Best known for his work in and promotion of Abstract Expressionism, Boston-born artist Henry Botkin was also a prolific watercolorist during the earlier stages of his productive, decades-long career. After spending seven years immersed in the Parisian art scene (a sojourn partly supported by his cousins George and Ira Gershwin), Botkin returned to the United States heavily influenced by the impressionistic flourishes of European Modernism.

Henry Botkin Watercolors presents works from this post-European period of the mid-1930s and early 1940s, where the artist explored a variety of genres including landscapes, harbor scenes, and still lifes, through a Modernist lens.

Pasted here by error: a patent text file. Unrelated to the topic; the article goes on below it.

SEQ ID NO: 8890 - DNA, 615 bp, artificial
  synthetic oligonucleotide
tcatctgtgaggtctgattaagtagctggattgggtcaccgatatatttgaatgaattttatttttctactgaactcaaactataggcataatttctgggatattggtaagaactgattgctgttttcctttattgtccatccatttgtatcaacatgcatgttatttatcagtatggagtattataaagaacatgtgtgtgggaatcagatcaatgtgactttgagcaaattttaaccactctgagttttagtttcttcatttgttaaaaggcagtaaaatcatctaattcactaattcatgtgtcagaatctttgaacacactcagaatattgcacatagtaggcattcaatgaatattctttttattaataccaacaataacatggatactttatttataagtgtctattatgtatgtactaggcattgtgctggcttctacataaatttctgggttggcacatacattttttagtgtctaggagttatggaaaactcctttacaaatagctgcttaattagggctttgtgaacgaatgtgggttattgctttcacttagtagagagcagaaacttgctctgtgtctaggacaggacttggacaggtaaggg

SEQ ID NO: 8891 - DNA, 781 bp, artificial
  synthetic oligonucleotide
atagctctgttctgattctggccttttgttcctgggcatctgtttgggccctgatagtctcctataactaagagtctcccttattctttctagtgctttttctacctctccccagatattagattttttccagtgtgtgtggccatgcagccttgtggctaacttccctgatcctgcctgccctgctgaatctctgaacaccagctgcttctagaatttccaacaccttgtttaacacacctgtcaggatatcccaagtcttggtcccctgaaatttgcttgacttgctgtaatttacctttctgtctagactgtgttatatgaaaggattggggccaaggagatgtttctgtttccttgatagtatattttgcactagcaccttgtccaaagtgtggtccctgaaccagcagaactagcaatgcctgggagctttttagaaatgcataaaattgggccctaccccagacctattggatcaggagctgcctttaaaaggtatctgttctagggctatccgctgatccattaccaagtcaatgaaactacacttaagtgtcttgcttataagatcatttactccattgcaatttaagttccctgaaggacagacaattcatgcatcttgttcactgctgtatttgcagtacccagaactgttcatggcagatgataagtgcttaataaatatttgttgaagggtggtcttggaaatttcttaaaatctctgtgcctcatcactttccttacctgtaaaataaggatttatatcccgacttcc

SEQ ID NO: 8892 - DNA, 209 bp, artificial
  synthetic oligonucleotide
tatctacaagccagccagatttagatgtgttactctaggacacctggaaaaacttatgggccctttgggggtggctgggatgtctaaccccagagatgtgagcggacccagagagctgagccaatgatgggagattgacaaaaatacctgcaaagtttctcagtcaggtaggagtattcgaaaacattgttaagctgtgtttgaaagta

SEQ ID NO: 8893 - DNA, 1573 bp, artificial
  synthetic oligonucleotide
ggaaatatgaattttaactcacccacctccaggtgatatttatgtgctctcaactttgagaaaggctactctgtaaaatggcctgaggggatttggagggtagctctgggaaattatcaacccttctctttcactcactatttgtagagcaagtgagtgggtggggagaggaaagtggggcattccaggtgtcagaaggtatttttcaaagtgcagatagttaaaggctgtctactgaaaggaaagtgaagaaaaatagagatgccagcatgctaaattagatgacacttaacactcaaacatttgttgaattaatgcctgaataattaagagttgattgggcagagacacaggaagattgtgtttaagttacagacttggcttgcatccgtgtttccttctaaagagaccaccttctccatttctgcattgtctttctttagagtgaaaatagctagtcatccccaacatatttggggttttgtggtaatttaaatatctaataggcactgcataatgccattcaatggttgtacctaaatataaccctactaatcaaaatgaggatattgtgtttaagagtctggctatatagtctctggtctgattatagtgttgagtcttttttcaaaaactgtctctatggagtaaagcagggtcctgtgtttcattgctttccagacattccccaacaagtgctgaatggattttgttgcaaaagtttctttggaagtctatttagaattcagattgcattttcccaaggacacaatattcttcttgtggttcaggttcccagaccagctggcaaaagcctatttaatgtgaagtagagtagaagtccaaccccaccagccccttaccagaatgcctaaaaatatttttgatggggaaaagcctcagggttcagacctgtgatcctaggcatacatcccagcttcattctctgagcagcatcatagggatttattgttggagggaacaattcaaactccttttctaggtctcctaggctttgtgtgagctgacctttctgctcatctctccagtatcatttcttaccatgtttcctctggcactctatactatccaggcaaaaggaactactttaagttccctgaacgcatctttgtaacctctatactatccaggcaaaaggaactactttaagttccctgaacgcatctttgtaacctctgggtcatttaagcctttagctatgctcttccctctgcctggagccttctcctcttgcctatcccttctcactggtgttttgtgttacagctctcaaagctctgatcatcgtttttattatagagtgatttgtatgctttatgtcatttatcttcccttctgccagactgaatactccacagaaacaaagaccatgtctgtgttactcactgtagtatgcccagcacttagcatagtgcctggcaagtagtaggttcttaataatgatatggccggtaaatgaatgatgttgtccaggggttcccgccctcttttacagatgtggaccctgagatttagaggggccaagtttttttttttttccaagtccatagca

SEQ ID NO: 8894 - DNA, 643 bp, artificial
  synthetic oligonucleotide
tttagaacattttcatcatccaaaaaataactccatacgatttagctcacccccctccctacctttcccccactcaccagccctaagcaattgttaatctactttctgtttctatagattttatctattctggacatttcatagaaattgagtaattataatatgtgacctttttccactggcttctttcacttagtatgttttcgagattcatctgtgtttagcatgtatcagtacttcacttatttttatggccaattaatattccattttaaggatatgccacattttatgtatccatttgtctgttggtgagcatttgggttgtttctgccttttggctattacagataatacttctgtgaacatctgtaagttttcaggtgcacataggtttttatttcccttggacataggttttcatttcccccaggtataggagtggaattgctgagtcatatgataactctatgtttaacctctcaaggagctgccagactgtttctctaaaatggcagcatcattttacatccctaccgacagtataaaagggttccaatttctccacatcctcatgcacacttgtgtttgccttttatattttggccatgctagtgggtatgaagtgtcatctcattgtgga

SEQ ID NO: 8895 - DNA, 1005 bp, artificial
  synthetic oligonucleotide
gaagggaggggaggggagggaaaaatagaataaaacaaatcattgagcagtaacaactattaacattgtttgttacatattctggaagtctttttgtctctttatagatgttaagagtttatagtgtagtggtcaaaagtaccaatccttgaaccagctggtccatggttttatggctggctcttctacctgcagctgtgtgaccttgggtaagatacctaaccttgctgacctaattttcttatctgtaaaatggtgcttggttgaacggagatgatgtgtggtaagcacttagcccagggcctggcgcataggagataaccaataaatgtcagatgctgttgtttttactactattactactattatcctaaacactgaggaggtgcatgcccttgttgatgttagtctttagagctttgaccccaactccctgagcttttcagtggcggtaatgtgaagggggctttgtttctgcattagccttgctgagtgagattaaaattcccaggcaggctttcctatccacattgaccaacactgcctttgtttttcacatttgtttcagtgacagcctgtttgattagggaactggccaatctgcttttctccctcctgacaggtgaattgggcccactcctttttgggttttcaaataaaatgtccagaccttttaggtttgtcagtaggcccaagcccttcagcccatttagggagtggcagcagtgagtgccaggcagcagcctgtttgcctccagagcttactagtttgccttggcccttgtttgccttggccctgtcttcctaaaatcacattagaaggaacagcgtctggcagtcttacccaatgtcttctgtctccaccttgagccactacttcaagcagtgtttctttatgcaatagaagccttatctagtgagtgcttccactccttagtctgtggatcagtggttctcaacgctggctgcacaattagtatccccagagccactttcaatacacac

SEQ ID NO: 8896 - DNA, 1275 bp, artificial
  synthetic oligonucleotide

Starting in the 1940s, Botkin would shift his style towards figurative abstraction, before completely abandoning representational imagery in favor of purely abstract art. This exhibition thus illuminates a little-shown period of Botkin's while also highlighting a lesser-explored, but thoroughly engaging media for an artist most often associated with painting and collage.